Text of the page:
Primary data tends to be more valid in that they are gathered first hand and any operationalizing is done carefully with the purpose in mind so the data are more likely to represent real life. Secondary data if they are statistics from surveys, which they often are might not be valid if used as if they are about individuals. However if the secondary data was originally primary data from another study, then they might well have been gathered validly.
Primary data is more likely to have credibility as they are gathered for a specific purpose and analysed with that purpose in mind. Secondary data are likely to have been gathered with one purpose in mind and when used in a 'secondary' fashion they may not be seen to have credibility.
Primary data are analysed directly by the researchers, whereas secondary data may already have been analysed, which can bring in an element of subjectivity. However, secondary data can be 'raw' data and not previously analysed.
Primary data are gathered at the time of the study, whereas secondary data is likely to be gathered some time previously, which mean primary data are more likely to be valid in the sense of being up to date. Secondary strengths
Secondary data are cheaper because they are already there. Primary data tend to be expensive because the study has to be run completely, including finding the pps, developing the research method and setting up any situation or survey.
Secondary data can involve more pps, such as in meta-analysis, so the range of pps can be wider and generalizability can be improved. This is not always the case but in studies such as craft et al. (2003), where they used data from many
studies that used the same questionnaire, they had a lot more data than if they gathered the information first hand. Studies gathering primary data are often limited in the number if people they involve.
Secondary data tends to consist of more data too, although again this is not always the case. E.g. Gottesman and Shield (1966). By using the hospital records over a number of years were able to access a lot of detail about pairs of twins that otherwise would have been hard, if not impossible, to put together p. when gathering primary data it is often the case that the numbers that can be involved are limited, either by cost or to make the study manageable, or both. Reliability and validity Reliability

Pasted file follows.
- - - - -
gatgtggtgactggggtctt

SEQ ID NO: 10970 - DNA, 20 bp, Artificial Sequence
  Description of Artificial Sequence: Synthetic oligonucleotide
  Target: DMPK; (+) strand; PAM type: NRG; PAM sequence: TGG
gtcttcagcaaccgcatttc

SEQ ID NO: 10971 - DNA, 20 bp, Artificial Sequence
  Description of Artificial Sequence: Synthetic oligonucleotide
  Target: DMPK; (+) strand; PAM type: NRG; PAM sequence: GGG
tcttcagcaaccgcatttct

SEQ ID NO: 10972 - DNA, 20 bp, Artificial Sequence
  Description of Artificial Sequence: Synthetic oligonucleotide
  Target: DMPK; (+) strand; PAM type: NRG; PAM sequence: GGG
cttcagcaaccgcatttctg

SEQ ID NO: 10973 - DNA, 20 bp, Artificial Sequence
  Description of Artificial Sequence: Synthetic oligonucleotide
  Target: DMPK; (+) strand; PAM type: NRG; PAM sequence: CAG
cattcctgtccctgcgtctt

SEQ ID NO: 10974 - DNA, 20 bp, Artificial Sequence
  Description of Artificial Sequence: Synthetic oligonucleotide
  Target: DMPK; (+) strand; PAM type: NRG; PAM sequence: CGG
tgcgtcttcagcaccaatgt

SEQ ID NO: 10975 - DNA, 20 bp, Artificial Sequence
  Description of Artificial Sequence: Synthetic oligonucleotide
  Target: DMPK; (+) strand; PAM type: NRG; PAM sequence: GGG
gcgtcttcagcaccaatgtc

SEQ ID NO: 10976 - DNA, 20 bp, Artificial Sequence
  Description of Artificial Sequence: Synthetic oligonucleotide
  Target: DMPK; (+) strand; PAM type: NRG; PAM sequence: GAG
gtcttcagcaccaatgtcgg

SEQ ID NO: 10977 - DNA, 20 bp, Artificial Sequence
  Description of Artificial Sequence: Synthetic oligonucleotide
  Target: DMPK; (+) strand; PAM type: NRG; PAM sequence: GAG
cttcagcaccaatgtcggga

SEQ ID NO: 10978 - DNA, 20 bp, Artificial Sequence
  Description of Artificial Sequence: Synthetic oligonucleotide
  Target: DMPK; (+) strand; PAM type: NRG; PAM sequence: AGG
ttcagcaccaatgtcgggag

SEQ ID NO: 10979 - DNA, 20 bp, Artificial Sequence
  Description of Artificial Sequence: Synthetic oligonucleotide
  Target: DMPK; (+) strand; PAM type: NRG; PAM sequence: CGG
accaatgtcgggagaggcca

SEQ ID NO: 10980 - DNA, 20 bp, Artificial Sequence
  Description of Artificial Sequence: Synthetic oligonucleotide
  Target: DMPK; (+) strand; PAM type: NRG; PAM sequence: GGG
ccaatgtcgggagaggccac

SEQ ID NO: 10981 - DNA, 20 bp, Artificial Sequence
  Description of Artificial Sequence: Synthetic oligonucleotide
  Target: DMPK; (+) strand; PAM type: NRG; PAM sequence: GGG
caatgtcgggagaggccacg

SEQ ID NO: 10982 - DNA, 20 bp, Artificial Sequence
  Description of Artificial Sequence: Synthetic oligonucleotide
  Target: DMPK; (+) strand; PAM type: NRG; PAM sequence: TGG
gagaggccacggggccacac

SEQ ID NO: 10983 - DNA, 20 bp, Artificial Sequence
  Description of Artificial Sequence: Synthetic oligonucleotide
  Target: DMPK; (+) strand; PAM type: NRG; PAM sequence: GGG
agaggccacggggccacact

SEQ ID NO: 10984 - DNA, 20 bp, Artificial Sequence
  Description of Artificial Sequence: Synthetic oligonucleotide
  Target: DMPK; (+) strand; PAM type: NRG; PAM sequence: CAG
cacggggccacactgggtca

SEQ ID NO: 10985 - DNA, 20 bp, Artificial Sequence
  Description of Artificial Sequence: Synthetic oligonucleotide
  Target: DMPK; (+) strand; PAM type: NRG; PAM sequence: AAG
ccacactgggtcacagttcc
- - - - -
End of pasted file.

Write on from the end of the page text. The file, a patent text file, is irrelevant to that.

Reliability refers to the consistency with which a measure of psychological variable identifies the same thing.
A diagnosis of mental disorder is considered reliable if more than one psychologist gives the same diagnosis to the same Individuals, therefore the diagnosis is consistent. This is known as inter-rather reliability.
For example, in Rosenhan's (1973) each of the pseudo patients reported the exact same symptoms and in 7 out of 8 cases, the same diagnosis was applied, (schizophrenia) suggesting reliability, if not validity in diagnosis.
Reliability can also be assessed by seeing whether the same individual is given the same diagnosis when assessed at several intervals. This is called test-retest reliability.
This is often measured using PPVs (positive predictive value) which is basically a percentage which tells us the percentage of people who keep the same diagnosis over time.
Cohen's kappa in another figure used when talking about reliability of diagnosis; this is a decimal which again shows the proportion of people who keep the same diagnosis. Validity
Validity refers to the extent to which a measure of a psychological variable measures what it sets out to measure and that the measurement is not simply a reflection of the testing situation but of the persons behaviour, thinking and emotions more generally, in their everyday life.
With regard to the diagnosis of mental disorders, the DSM IV TR and other diagnostic systems such as the ICD 10 operationalize mental disorders using lists of symptoms, however some psychologists feel that these lists do not have construct validity; that when symptoms are similar across different disorders, then validity of diagnosis is limited in It is possible that the distinctions made between disorders are false.
Secondly psychologists argue about the predictive validity of the various diagnoses; if a person is given a certain diagnosis, then this should successfully predict that they will experience relief if given a known treatment for this particular disorder and that people given this diagnosis will respond to the treatments in similar ways.
Finally a diagnosis can be said to have concurrent validity if the individual is assessed using two or more different techniques and the same disorder is identifies using each technique, for example self-rating, family or teacher observations and psychological testing. Definition of schizophrenia